Note: This is an update to a review that I wrote on an old blog of mine that never went “live”. I copied and pasted it here when I first started this blog, but I felt that I never really did this book justice, so I decided to re-write my review and re-post it. So, here we go – take two…
We all know about the history of The Civil War. It’s been over 150 years since America was divided by war on its own soil, and over the decades there have been a multitude of books, documentaries, and movies that tell the story of the war, and analyze the reasons behind it.
So what makes this book different? It tells the true story of something that may not be so widely known; that there were women who, for various reasons, decided that they wanted to help the war effort, or even fight in the war themselves.
There’s not a lot known about the over 400 women who disguised themselves as men and fought side by side with male soldiers, some who even fought alongside their husbands in order not to be separated from them, but over the last few years we’ve seen more articles and books written about these women. But not every women who wanted to help the war effort was cut-out to fight as a disguised male, so hundreds more turned to spying. And they were pretty good at it. Being the “weaker sex” they were often overlooked as a threat to the other side, and using a variety of resources, including good old fashioned feminine wiles, they were able to move vast amounts of information and resources to the front lines.
Liar, Temptress, Soldier, Spy tells the stories of four women. Three who spied, and one who fought.
Although a bit slow to start, I found each story fascinating, and was pretty surprised at how effective these women were. I enjoyed the personal stories of the four women the most, and although the descriptions of the war strategies and battles took away from their stories a bit, it was an important part of the book – to pull it all together and let the reader see how crucial these women actually were. This book surprised me in a couple of ways.
First, the story of Emma Edmonds who disguised herself as a man and fought in the Union Army under the name of Frank Thompson. I think this one was my favorite. Not just because of the courage it took, but there were parts of her story that were heart breaking as well.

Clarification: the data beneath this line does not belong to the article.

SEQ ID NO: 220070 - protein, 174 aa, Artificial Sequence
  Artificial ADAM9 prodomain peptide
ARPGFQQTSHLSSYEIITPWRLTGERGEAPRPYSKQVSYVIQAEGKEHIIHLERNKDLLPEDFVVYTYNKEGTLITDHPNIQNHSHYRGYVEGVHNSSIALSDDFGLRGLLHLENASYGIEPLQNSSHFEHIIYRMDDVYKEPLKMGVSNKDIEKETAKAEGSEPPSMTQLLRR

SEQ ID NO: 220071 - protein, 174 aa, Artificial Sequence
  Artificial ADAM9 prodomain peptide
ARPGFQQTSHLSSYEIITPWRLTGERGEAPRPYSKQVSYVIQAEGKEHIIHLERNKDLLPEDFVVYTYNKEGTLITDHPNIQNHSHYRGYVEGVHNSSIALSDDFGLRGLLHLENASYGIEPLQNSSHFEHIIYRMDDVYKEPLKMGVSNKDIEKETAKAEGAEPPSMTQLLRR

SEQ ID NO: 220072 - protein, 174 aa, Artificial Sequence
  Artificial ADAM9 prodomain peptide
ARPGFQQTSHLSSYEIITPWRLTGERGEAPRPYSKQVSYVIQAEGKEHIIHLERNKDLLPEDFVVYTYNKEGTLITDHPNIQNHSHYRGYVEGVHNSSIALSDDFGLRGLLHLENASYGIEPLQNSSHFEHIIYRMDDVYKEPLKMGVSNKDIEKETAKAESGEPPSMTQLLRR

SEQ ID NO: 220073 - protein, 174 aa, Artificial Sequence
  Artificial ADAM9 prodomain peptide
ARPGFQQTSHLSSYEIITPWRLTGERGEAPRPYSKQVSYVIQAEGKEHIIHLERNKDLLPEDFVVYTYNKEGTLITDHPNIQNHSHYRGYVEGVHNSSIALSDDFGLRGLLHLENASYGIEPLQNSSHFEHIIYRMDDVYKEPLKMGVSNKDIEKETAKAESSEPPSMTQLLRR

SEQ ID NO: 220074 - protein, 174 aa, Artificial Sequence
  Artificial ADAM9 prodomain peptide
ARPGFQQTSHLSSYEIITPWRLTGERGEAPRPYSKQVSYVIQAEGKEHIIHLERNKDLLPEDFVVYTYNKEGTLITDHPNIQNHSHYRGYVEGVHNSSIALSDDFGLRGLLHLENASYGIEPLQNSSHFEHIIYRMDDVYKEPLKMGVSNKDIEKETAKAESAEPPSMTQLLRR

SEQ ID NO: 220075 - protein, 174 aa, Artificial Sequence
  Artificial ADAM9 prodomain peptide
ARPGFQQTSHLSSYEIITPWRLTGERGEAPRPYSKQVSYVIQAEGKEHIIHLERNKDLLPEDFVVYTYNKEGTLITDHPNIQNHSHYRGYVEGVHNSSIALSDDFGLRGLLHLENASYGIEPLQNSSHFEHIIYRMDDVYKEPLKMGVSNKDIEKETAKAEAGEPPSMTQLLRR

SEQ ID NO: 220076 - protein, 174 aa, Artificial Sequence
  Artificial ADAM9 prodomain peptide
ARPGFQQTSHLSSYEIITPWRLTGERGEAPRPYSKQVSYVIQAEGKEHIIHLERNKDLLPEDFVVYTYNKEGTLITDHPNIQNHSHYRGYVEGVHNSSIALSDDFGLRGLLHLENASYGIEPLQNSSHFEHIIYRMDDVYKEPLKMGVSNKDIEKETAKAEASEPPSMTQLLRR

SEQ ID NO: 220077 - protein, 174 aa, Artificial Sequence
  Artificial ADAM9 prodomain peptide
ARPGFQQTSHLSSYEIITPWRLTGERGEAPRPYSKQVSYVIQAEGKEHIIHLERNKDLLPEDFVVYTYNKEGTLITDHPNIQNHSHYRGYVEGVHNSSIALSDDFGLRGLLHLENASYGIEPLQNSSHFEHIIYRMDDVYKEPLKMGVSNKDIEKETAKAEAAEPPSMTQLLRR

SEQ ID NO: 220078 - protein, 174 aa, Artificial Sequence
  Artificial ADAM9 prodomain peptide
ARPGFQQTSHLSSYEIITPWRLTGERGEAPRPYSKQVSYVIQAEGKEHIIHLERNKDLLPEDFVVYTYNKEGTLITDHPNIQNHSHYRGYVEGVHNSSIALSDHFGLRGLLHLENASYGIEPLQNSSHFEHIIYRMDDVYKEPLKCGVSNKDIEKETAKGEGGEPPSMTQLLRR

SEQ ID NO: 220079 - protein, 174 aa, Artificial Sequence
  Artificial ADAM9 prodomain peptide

Then there were the three spies. These three women pulled the wool over the eyes of some pretty high ranking soldiers, and I was surprised at how some of these men didn’t see what was going on right under their noses. And even if they suspected them of spying, how they either overlooked them as inconsequential, or how they just couldn’t find the evidence to stop them. The three spies are:
Belle Boyd, who at seventeen killed a Union soldier, which gave her the bravado to spy for the Confederate army. She was a bit bratty and full of herself, but at that young age she knew what she wanted to do.
Rose O’Neal Greenhow would do anything to help the Confederacy, including using her very young daughter to help smuggle information. I liked her the least. She was so full of herself, and I think was the most ruthless of the three.
Elizabeth Van Lew was the most clever of the three. Of the three spies, I liked her story the most. She didn’t have the brashness of the other two, and was a bit of an outsider. Other than Emma Edmonds, I think she pulled off the best scheme of the bunch.
I won’t go into the details of how each of these stories played out, each one is different, but it’s a fascinating read. Also, the Epilogue was a nice way to continue their stories even after the end of the war.
If you’re interested in learning more about these liars, temptresses, soldiers and spies, there are quite a few nice articles on the Internet, which I will link to below.
And, as always, feel free to leave a comment.